Early Duntroon graduates
On 27 June 1911, the first intake of cadets comprised 32 Australians and 10 New Zealanders. Duntroon continues the tradition of welcoming cadets from New Zealand to this day, and over the years it has also accepted cadets from Papua New Guinea, Thailand, Tonga, and Singapore.
Cadets were to undertake a four-year officer’s training course, with half military and half academic subjects. With the outbreak war in August 1914, the first intake was rushed through for overseas service. Most of the subsequent three intakes also served with either the Australian Imperial Force (AIF) or the New Zealand Army during the First World War. These graduates were among the best and brightest Australasia had to offer. Many went on to distinguished military careers spanning several decades, others fell in their first battles of Gallipoli and the Western Front.
Lieutenant Penistan Patterson
On 25 April 1915, the 12th Battalion landed on Gallipoli under the cover of darkness in the first tow of boats from the destroyer HMS Ribble. From a point north of ANZAC Cove, Lieutenant Penistan Patterson immediately led his men in the attempt to take vital ground at what would later be called Walker’s Ridge. The platoon was under constant rifle, machine-gun, and shrapnel fire. Patterson himself was killed later that day, and was mentioned in despatches for his conspicuous gallantry in leading his men under heavy fire.
Patterson was the first graduate of the Royal Military College to die on active service. He had entered the Royal Military College, Duntroon, on 22 June 1911 as part of the first intake of cadets. Graduating on 14 August 1914, he joined the 12th Battalion, where he was made a platoon commander.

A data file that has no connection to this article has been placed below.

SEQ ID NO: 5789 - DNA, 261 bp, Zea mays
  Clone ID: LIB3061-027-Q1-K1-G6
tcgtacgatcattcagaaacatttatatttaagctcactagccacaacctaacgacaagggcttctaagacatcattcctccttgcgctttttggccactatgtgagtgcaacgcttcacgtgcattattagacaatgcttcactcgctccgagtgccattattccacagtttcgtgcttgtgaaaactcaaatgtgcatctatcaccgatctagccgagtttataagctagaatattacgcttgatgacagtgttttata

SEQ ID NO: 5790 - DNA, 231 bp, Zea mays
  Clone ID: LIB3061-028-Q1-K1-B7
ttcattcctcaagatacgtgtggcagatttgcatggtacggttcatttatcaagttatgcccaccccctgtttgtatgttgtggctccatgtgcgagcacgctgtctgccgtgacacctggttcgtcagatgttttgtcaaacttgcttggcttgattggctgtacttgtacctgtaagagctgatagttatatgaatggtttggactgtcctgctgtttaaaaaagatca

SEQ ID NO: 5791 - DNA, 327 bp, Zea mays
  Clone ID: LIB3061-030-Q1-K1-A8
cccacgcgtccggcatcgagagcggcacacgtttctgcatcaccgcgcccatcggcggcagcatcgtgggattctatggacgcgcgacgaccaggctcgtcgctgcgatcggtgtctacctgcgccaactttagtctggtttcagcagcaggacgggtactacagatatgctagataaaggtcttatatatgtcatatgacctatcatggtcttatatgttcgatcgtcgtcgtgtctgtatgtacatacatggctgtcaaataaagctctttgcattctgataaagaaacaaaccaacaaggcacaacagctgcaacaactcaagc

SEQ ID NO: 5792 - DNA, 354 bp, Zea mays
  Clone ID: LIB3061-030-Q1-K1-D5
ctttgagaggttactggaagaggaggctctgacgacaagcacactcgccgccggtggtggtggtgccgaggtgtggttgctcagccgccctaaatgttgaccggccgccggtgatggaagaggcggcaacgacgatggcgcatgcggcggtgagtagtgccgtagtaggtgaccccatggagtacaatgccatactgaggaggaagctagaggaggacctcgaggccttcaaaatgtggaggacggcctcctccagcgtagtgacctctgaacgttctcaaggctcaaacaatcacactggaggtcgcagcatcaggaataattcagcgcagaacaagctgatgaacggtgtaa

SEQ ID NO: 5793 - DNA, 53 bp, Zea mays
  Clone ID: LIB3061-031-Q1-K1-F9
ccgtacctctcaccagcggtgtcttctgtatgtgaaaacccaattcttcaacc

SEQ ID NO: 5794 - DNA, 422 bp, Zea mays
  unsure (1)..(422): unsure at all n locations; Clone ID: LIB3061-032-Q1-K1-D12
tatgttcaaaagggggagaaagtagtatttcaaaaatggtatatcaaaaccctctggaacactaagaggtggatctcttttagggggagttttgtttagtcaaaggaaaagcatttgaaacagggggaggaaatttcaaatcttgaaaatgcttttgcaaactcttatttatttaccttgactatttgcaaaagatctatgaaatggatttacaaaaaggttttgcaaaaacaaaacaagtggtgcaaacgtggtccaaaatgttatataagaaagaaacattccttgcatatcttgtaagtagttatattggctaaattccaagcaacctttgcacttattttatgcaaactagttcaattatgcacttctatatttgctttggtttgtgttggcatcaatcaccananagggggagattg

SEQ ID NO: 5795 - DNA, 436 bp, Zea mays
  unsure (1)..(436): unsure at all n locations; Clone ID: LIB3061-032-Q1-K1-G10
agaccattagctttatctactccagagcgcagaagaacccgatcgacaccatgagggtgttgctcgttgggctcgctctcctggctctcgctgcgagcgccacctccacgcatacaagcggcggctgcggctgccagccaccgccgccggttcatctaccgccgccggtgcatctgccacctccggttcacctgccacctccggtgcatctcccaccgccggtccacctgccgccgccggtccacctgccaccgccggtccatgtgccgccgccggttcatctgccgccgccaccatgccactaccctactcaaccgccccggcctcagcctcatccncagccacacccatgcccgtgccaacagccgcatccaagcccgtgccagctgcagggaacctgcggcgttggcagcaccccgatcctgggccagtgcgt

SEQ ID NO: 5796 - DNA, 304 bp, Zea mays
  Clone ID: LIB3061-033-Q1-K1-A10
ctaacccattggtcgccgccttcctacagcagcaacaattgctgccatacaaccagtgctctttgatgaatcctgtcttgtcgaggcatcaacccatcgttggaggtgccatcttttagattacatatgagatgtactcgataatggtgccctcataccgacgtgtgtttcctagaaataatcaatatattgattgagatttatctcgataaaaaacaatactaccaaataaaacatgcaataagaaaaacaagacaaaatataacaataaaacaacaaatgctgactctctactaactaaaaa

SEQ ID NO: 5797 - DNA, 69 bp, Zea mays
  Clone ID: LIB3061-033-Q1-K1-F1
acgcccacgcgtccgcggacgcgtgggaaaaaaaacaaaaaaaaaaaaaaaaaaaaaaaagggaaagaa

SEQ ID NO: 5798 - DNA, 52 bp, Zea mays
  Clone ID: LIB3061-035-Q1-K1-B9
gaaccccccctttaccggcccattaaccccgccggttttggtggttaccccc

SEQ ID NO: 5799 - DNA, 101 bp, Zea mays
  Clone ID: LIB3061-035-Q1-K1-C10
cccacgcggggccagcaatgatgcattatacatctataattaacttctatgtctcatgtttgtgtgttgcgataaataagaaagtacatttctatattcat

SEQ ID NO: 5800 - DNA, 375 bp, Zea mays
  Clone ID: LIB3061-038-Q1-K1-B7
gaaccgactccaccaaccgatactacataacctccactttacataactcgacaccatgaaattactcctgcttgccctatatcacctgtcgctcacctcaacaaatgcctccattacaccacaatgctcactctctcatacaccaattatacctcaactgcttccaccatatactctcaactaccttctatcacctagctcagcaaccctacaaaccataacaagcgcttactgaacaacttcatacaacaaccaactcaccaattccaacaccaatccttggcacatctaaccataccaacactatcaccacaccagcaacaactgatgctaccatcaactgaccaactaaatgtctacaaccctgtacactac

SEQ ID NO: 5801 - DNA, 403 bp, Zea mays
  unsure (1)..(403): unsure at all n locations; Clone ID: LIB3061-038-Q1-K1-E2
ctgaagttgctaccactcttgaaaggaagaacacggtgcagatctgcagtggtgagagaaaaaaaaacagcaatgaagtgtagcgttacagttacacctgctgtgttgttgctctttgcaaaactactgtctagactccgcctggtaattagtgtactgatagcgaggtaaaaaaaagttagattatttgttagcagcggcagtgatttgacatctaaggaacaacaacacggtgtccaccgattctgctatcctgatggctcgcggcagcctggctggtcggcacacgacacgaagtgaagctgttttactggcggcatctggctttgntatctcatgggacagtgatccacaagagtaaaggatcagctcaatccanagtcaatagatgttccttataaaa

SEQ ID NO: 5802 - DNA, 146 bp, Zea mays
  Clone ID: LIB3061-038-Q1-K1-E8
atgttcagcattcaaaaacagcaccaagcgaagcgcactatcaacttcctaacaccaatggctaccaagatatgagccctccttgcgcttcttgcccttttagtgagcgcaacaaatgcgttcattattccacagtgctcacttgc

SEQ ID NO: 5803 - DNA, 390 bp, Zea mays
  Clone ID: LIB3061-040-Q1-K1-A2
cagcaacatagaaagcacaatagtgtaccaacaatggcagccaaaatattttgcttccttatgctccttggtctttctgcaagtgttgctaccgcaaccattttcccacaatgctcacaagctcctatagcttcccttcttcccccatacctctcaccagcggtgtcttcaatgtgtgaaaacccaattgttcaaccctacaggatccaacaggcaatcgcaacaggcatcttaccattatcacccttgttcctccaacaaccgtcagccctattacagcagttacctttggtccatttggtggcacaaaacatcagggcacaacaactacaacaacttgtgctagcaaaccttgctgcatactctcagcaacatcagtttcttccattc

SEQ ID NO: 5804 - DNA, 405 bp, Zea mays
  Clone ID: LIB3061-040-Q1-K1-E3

Patterson Hall on the Duntroon campus is named in his honour.
Lieutenant General Cyril Clowes and Major General Norman Clowes
Teenagers Cyril and Norman Clowes were the first brothers to enter Duntroon on 27 June 1911. After graduation both brothers were appointed lieutenants in the AIF and served with distinction on Gallipoli and the Western Front.
After serving in North Africa and Greece during the Second World War, Cyril led a force at Milne Bay, Papua, in August 1942 that resulted in the first Allied land victory over the Japanese during the war. For this he was made Commander of the Order of the British Empire.
Following the First World War Norman served on exchange with the Indian army until 1930 before transferring to the British army in 1931. During the Second World War he served with the British army in Egypt. From 1946 until his retirement in 1949 he served as Aide-de-Camp to King George VI.